Today's Notables

Shanghai Business Travel Log (Part 4)

August 2002
Hisashi Furuichi

In this 4th report and final report from our trip to Shanghai, I would like to discuss food. China, as you know is a huge, geographically diverse country with an abundance of natural resources. Chinese culture basically developed around the Huang He, Chang Jiang and Xi Jiang rivers. Food is also highly influenced by these rivers and is basically divided into north, south, east and west styles. The climate also plays a significant part. For example, in the south where rice is grown, rice is prominent but as you move north, where winters are cold and dry, rice becomes less prevalent while wheat and barley play a bigger role in the Chinese diet.

In the 15th century, the capital was moved from Shanghai to Beijing so rice had to be transported along the rivers. People thought it strange that ducks were getting plump on the rice dropped in the river, which led to what became known as "Peking Duck". In the north, were rice was less prevalent in the diet, gyoza and noodles so familiar to Japanese were mainstays. By the way, gyoza is pronounced "chaotsu" in Chinese. Because of the crop growth patterns, milling practices in the north have a history of 5000 years, and with generally harsher conditions, food technology developed at a faster rate in the north.

Tastes and flavors also change with each region. There are generally four types of Chinese cuisine: Cantonese, Peking, Shanghai, and Szechuan. The southern or Cantonese is characterized by more subtle use of flavors, Szechuan is hot and spicy, Peking is salty, and western is sweeter.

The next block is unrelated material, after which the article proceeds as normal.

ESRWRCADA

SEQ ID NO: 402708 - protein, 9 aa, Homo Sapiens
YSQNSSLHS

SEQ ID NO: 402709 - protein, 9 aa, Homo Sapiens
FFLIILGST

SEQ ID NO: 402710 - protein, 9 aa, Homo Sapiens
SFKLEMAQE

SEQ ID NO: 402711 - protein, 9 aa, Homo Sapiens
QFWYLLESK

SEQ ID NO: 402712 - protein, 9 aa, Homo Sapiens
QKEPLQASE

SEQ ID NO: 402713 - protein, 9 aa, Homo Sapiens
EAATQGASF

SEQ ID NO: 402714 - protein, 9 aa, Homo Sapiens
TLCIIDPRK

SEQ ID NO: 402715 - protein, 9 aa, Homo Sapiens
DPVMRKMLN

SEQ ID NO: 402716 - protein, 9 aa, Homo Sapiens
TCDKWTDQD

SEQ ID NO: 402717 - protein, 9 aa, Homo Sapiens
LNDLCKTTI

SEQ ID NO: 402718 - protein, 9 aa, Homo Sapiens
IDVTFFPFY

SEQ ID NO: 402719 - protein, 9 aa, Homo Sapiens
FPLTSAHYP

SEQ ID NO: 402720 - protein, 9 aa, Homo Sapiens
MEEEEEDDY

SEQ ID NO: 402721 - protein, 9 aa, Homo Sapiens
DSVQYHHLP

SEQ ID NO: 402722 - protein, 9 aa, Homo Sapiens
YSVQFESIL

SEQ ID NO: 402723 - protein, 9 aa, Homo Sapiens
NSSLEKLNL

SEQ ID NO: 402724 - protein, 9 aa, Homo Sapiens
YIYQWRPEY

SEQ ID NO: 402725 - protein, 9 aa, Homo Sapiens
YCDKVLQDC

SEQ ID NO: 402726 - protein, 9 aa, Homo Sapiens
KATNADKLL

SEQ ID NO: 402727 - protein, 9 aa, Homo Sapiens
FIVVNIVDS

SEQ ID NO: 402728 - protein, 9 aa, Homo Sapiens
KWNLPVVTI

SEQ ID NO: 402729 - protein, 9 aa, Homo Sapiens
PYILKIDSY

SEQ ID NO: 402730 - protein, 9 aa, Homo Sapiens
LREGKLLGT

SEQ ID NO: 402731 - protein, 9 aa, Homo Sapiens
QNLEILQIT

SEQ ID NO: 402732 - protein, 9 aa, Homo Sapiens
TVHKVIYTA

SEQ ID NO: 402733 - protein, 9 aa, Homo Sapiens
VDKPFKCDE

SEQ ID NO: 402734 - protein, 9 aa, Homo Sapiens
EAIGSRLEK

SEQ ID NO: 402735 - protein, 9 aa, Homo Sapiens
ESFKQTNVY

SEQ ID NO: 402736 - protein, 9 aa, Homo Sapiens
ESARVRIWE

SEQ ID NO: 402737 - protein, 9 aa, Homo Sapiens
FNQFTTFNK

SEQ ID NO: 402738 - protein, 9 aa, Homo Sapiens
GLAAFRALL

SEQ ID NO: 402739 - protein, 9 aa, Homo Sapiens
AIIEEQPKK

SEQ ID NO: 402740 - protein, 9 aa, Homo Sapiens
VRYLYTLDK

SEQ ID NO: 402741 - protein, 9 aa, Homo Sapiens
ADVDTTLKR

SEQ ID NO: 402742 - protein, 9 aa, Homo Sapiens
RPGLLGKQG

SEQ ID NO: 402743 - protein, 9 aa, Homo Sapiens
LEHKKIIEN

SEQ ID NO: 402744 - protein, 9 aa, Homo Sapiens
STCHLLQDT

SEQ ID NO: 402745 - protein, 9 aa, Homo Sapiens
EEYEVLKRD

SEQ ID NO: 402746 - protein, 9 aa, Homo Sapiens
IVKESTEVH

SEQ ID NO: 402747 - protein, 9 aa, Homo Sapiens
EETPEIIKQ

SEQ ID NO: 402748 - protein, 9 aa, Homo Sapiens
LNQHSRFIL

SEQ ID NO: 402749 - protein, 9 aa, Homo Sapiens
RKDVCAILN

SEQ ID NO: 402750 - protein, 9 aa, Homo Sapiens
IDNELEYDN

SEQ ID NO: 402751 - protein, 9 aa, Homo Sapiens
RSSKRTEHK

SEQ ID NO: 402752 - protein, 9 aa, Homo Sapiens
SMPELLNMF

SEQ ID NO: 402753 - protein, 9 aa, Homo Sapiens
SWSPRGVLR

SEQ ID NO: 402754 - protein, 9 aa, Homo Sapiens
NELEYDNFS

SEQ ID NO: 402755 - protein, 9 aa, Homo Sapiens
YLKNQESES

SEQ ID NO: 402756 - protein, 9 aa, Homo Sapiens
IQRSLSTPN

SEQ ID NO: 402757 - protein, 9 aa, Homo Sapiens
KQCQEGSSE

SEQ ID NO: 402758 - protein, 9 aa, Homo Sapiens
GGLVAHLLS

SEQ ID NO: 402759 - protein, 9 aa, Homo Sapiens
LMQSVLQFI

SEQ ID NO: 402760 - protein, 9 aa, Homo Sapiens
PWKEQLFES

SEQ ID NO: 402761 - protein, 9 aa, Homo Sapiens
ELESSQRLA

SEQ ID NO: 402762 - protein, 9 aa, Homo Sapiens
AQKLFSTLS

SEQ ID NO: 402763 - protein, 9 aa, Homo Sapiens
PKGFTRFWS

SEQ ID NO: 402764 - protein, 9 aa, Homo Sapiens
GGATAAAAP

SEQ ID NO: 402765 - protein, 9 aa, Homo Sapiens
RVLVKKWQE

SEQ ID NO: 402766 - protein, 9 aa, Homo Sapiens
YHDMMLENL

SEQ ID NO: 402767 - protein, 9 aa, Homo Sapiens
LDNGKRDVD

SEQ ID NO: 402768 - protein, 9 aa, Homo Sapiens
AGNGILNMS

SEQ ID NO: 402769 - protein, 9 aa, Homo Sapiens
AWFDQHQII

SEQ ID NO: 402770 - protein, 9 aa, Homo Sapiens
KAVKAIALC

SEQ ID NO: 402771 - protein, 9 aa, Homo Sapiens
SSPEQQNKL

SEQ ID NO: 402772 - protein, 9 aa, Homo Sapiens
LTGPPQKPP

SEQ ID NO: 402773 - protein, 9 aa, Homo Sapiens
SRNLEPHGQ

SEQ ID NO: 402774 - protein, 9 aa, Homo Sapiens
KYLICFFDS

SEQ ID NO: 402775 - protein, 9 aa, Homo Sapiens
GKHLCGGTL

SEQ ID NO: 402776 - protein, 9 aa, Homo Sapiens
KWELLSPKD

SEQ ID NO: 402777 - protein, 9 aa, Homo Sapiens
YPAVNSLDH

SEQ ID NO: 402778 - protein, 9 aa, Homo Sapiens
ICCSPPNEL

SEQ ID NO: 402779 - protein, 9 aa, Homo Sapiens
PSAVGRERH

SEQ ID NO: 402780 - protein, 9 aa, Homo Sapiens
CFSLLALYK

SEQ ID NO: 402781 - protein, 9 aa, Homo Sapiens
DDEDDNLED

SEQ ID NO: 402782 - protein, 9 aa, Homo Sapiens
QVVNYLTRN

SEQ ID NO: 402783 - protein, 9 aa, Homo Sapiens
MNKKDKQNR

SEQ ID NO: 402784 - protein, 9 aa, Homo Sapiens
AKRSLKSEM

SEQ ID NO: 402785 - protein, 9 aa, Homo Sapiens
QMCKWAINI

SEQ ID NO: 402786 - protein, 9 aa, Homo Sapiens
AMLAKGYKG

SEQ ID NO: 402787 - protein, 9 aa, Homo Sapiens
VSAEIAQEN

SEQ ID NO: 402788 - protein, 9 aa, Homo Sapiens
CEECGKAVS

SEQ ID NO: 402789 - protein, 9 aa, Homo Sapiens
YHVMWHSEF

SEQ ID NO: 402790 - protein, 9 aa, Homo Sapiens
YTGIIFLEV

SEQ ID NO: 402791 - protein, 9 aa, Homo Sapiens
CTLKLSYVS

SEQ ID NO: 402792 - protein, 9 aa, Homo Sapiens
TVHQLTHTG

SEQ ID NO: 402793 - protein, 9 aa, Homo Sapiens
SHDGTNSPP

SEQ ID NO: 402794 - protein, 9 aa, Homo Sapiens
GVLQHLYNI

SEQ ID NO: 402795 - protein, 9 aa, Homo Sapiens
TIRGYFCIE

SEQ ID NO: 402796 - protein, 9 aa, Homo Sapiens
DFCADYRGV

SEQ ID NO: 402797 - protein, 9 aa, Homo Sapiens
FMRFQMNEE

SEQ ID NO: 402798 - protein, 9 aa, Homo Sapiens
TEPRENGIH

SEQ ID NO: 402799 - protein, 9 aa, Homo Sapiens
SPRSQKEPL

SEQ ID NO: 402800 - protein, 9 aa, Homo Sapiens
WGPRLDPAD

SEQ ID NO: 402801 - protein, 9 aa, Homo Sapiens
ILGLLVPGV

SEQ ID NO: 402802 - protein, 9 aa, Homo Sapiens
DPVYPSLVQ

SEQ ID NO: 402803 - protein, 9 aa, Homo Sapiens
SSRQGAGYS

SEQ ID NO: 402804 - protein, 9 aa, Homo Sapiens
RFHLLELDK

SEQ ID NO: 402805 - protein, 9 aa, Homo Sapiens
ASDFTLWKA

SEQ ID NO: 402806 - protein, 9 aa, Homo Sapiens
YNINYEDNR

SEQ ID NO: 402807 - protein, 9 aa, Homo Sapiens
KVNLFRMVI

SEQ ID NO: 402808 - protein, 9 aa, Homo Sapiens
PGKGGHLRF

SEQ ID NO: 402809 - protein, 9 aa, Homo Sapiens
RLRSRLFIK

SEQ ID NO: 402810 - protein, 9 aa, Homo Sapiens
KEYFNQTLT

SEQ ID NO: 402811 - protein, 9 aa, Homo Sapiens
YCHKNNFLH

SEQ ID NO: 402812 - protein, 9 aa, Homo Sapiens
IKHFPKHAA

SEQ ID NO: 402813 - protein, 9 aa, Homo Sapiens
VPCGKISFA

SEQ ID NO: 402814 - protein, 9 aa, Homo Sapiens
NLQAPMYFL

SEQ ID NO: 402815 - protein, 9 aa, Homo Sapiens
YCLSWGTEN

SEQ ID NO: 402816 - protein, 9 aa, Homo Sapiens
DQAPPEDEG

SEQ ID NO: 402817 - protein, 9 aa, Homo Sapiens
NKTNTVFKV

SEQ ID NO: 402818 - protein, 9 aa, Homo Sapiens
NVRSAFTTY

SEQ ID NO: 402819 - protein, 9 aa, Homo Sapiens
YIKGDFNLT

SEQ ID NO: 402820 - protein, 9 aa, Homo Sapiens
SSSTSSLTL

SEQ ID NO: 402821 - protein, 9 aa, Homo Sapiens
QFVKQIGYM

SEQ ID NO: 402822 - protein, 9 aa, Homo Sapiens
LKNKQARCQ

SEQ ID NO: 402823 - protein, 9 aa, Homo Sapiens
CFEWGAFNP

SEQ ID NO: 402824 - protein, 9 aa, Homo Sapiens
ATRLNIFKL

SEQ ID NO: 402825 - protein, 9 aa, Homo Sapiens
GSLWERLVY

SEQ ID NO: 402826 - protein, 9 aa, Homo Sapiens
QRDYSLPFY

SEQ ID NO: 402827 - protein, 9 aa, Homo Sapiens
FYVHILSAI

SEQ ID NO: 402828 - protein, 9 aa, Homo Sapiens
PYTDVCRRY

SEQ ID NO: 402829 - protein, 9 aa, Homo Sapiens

Because of it's location at the mouth of the Chiang Jiang River, Shanghai cuisine is heavily influenced by the river with two representative types, chansu and chouchian in Chinese. The southern side of the river belongs in Cantonese region where fish and rice are in abundance. Just to the north of Shanghai is the providence of Jiangsu that has become a key center of economic development since the building of the canal. The region is largely influence by the large commerce of goods passing through to the rest of the country. During the Manchu dynasty, it was the gathering place for salt traders who came from Manchuria and China. Shanghai cuisine became the "haute cuisine" for official gatherings between Manchuria and China with sea bream fin, swallow eggs, and roast piglet as the representative dishes. As time went on, the feasts often lasted several days. Shanghai cuisine is generally lighter with slight sweetness and makes use of oils. Furthermore, it was influenced by all regions of China as well as the by the diet of monks. There is also a mix of Western tastes characteristic of a city that became an international thoroughfare to China. Shanghai is also the place to eat shrimp in chili sauce and mabu tofu. I was also surprised that there are many restaurants that pale Japanese restaurants by comparison when it comes to design, service level and flavor. Most of those establishments are fairly expensive and actually quite comparable to similar ones in Tokyo. Although those establishments have a tendency to cater to foreigners, there seemed to be quite a few young professionals working in the IT industry.

It is not too far into the future that the Japanese foodservice industry will be looking to Shanghai for new trends instead of Europe and the US. That's just how fast the city is growing.

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